Running around recording podcasts today. I hope to post three next week that look at Dallas education issues in-depth. But I wanted to throw up a few quick bullet points regarding the Home Rule Commission.
• At yesterday’s board meeting, DISD president Miguel Solis mentioned again his ad-hoc governance committee, and said it would welcome recommendations from the HRC on how the district can better govern. This is no surprise: Solis said the same thing on a podcast with me weeks ago. I talked to Solis for a long time yesterday discussing this, and there’s no doubt he’s sincere in his desire to hold governance discussions in public and test the board’s willingness to address concerns I and others have about its ability to effectively manage change. But two things about that. One, he doesn’t disagree that such a discussion will only be worthwhile if the board is truly committed to doing what’s best for kids and ignores whatever self-interests may arise. (That’s a nice way of saying he has no comment when I say things like, “There’s no freaking way the status quo members are going to let anyone dilute their authority to meddle!”) And two, just for the record, he is still not a supporter of home rule, no matter what your TV says.
• About that Brett Shipp story. This little note made me chuckle:
Solis said it was always more about changing the governance structure on the Board than instituting education reforms.
“We need to focus on how to ensure we are walking a line of governance, and how do we effectively work on our relationship with management,” he said.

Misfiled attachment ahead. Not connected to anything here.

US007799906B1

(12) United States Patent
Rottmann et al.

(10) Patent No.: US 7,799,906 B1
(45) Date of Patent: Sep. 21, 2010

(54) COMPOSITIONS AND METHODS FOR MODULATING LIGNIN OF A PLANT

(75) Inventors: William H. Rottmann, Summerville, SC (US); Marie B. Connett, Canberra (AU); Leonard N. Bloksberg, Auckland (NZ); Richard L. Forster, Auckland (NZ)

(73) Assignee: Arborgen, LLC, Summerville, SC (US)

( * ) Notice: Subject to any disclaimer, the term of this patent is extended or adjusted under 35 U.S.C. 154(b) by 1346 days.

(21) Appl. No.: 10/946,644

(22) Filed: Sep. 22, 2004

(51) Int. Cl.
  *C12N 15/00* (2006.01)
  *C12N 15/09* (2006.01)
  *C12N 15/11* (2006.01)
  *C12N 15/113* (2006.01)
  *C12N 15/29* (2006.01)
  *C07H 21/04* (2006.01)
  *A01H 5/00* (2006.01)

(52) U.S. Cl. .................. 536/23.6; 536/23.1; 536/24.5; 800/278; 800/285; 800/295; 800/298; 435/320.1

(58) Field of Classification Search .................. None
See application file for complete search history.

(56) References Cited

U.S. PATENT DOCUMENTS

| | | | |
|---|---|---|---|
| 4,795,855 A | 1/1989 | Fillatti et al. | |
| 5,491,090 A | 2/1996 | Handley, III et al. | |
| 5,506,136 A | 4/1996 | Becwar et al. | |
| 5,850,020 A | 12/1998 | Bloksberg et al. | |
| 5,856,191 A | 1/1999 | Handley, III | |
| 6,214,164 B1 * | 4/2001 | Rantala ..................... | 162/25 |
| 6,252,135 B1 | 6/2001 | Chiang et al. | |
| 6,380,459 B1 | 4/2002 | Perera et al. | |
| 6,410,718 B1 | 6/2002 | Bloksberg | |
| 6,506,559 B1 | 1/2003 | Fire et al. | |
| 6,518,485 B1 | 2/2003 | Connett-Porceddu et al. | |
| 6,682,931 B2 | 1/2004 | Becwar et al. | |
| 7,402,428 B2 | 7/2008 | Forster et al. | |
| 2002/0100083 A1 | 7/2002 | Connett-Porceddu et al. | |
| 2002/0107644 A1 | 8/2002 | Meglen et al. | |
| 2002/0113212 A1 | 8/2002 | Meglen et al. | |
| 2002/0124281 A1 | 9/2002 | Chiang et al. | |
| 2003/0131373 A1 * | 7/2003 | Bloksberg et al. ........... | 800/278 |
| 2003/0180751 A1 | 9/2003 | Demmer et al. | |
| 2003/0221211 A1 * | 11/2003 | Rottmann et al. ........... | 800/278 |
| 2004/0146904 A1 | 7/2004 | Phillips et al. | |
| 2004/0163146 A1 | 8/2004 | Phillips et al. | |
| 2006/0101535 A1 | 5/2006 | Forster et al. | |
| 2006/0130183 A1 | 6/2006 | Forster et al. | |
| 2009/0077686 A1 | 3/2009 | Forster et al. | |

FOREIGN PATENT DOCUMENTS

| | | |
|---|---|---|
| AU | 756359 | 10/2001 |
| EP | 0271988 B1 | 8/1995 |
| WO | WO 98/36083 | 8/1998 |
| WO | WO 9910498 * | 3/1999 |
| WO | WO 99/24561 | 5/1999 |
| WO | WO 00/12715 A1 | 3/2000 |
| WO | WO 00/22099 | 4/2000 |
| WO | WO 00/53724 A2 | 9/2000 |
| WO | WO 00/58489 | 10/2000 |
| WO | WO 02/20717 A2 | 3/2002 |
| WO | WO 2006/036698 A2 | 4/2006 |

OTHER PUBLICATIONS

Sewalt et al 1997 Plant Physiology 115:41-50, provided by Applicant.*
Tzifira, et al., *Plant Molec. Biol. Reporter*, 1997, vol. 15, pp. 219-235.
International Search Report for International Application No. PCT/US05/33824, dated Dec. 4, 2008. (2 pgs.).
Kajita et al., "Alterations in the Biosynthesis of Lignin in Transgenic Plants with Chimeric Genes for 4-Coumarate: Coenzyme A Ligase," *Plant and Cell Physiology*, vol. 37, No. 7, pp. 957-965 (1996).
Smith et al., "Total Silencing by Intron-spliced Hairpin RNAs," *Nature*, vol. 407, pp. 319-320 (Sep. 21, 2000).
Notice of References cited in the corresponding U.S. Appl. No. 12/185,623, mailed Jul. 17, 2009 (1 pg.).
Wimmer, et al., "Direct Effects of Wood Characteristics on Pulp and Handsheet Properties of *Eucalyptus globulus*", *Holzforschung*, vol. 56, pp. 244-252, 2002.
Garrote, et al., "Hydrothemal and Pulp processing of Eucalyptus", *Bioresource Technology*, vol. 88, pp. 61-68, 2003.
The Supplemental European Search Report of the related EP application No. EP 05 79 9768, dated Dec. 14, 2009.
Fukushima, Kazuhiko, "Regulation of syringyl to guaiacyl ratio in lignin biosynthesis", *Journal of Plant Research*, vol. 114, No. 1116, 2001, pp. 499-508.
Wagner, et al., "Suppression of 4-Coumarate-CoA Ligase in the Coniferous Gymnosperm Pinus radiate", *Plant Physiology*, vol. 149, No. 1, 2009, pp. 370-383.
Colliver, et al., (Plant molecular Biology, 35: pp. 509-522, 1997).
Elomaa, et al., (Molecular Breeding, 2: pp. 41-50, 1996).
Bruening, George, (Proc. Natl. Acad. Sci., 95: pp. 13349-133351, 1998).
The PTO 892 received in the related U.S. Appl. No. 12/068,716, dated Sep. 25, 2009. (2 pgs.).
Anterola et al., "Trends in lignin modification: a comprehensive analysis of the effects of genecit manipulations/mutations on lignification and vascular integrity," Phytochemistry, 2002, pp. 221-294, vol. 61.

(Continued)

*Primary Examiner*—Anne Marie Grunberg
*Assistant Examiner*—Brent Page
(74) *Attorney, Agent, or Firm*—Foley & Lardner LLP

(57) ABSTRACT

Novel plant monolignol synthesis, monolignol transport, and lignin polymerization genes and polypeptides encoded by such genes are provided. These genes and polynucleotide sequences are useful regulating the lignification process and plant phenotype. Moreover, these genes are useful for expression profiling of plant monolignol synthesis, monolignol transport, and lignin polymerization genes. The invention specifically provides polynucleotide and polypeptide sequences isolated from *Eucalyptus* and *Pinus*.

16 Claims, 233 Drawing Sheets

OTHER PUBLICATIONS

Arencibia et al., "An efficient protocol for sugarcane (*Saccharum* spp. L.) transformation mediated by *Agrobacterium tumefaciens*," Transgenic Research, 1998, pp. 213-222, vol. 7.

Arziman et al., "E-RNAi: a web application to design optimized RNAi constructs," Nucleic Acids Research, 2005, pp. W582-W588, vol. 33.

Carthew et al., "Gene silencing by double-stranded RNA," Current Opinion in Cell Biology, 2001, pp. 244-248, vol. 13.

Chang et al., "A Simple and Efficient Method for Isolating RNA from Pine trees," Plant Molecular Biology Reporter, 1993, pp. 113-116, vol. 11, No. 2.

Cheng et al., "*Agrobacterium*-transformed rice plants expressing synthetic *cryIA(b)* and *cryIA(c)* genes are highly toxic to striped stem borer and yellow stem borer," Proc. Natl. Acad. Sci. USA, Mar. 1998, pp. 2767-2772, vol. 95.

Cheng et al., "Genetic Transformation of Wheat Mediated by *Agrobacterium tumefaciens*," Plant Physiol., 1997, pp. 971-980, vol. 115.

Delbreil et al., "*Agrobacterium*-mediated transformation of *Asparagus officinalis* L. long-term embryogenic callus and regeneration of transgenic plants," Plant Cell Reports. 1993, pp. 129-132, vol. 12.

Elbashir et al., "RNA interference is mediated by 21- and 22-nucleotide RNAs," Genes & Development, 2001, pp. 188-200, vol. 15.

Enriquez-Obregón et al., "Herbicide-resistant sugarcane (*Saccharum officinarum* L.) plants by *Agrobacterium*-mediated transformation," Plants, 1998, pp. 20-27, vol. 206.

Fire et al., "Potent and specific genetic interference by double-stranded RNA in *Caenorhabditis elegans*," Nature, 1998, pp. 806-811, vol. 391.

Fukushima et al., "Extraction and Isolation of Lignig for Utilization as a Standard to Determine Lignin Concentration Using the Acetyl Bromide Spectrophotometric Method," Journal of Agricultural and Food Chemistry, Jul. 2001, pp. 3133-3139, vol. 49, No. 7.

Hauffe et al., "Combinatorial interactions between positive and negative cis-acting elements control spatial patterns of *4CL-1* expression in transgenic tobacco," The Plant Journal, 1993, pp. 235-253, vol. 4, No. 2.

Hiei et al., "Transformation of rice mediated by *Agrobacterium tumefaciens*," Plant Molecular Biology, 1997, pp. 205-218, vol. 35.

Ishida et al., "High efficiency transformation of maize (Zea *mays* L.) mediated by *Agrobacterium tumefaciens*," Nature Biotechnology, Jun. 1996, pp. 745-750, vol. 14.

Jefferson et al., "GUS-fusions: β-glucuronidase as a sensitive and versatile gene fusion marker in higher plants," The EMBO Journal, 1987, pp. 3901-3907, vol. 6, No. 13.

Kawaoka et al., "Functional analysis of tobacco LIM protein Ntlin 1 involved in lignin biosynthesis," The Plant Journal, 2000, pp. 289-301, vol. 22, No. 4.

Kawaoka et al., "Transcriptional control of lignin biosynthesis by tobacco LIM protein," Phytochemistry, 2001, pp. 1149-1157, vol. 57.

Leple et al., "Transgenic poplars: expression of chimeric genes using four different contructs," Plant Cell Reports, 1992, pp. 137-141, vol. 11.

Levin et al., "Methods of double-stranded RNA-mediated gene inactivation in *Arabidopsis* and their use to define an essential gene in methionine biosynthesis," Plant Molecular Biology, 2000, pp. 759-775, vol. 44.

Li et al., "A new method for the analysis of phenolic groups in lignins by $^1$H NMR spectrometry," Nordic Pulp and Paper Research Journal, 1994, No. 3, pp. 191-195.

Solis declined to provide specific examples of how the current board structure has failed.
Well, of course he declined. He has to work with these people. But anyone can tell you how it fails: Every meeting is a tense stand-off between board members who want to focus on policy and hands-off governance and those who want to meddle in the day-to-day workings of the administration. Look, in the past six months of full board meetings (not briefings), 79 agenda items have been pulled from the consent agenda for open discussion. Of those, 74 — or 94 percent — were pulled by Joyce Foreman and Bernadette Nutall. Overwhelmingly, those issues were procurement issues. That is a board that is clearly divided — one that I believe focuses on procurement to the exclusion of real leadership and policy making. This is not new, and has been going on for 35 years. Any sane person sees that as a failed structure.
• Jim Schutze, as always, has a great take on all this. You should read it. I would link to it but I can’t get their damn website to come up. Just go to Unfair Park and find it yourself, lazy.
• Final note: Since my last post, I’ve had a lot of people reach out to me not just in the comments section but also via email, Facebook, texts, you name it. Some agree with me, some disagree, some commissioners said thank you, some said eff you, but there was a lot of passion in every message. It’s the sort of emotion that I never consistently saw from the commission until it decided not to put a vote to the citizens. I guess what I’m saying is, I’m glad to see it’s there. Wish I’d seen it earlier.